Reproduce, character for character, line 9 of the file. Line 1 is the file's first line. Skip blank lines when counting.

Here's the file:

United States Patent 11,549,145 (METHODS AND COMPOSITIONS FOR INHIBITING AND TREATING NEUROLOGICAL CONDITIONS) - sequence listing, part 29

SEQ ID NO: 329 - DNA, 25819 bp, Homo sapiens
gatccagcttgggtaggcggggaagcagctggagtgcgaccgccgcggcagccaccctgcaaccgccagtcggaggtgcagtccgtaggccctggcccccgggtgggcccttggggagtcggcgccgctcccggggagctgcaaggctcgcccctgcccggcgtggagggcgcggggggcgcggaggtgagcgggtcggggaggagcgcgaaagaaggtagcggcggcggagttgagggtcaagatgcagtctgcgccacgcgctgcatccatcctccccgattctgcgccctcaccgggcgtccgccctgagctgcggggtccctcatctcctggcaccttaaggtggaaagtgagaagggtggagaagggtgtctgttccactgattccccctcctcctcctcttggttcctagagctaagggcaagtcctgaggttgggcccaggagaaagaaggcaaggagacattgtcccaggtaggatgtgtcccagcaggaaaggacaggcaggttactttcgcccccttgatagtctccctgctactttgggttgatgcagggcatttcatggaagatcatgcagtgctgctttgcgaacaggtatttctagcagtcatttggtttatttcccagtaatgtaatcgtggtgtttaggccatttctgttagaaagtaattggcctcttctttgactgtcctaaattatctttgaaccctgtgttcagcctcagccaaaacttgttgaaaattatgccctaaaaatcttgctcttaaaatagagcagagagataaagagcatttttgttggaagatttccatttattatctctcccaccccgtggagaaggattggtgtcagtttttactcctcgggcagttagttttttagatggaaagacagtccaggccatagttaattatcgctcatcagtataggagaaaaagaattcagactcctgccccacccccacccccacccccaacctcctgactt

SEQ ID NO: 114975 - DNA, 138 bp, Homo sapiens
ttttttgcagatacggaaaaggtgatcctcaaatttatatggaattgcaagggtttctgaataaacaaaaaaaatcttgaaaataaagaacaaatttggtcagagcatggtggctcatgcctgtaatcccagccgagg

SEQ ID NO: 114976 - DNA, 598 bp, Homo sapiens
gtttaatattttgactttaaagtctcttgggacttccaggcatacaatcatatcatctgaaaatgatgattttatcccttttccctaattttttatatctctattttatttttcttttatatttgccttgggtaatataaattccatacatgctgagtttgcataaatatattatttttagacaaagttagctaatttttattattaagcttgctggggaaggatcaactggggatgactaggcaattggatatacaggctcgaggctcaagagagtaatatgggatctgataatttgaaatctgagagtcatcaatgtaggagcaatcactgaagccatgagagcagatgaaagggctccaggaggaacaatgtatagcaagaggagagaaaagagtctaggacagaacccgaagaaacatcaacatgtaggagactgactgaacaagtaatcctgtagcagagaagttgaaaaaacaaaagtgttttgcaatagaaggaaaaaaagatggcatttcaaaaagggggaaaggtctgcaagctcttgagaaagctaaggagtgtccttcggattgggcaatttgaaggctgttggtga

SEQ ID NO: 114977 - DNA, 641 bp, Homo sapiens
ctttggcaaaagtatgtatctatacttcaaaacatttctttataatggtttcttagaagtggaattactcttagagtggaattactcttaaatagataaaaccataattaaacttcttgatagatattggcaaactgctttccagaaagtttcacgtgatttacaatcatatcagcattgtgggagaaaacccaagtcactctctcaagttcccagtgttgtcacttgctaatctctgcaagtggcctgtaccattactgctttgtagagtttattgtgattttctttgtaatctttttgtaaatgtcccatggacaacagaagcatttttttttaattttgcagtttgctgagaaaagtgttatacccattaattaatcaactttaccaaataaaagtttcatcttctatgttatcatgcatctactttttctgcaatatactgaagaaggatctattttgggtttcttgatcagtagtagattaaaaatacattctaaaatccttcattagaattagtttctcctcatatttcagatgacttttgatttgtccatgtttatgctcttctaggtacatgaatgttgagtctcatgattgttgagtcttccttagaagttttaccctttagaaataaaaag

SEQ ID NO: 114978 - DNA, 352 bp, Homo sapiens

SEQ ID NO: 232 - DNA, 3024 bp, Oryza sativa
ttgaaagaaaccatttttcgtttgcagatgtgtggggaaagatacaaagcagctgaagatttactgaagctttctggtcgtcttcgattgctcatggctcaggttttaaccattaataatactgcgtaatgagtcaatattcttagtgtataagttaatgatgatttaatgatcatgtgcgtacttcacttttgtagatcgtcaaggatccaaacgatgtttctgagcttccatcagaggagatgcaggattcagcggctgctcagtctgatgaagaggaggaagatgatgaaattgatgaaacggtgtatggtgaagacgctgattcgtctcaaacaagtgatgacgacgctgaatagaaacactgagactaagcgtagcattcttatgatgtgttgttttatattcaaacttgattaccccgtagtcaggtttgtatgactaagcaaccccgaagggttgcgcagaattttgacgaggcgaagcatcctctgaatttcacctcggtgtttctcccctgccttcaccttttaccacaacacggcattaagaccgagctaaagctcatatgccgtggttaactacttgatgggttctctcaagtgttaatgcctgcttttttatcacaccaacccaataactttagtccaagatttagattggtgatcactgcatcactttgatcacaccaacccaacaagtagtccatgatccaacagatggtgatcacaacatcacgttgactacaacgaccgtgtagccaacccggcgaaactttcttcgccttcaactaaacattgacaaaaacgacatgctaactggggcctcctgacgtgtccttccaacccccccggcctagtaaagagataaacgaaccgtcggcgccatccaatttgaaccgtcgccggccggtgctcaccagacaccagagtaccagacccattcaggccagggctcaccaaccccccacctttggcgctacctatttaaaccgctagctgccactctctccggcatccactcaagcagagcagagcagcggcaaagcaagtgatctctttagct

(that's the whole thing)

ctttggcaaaagtatgtatctatacttcaaaacatttctttataatggtttcttagaagtggaattactcttagagtggaattactcttaaatagataaaaccataattaaacttcttgatagatattggcaaactgctttccagaaagtttcacgtgatttacaatcatatcagcattgtgggagaaaacccaagtcactctctcaagttcccagtgttgtcacttgctaatctctgcaagtggcctgtaccattactgctttgtagagtttattgtgattttctttgtaatctttttgtaaatgtcccatggacaacagaagcatttttttttaattttgcagtttgctgagaaaagtgttatacccattaattaatcaactttaccaaataaaagtttcatcttctatgttatcatgcatctactttttctgcaatatactgaagaaggatctattttgggtttcttgatcagtagtagattaaaaatacattctaaaatccttcattagaattagtttctcctcatatttcagatgacttttgatttgtccatgtttatgctcttctaggtacatgaatgttgagtctcatgattgttgagtcttccttagaagttttaccctttagaaataaaaag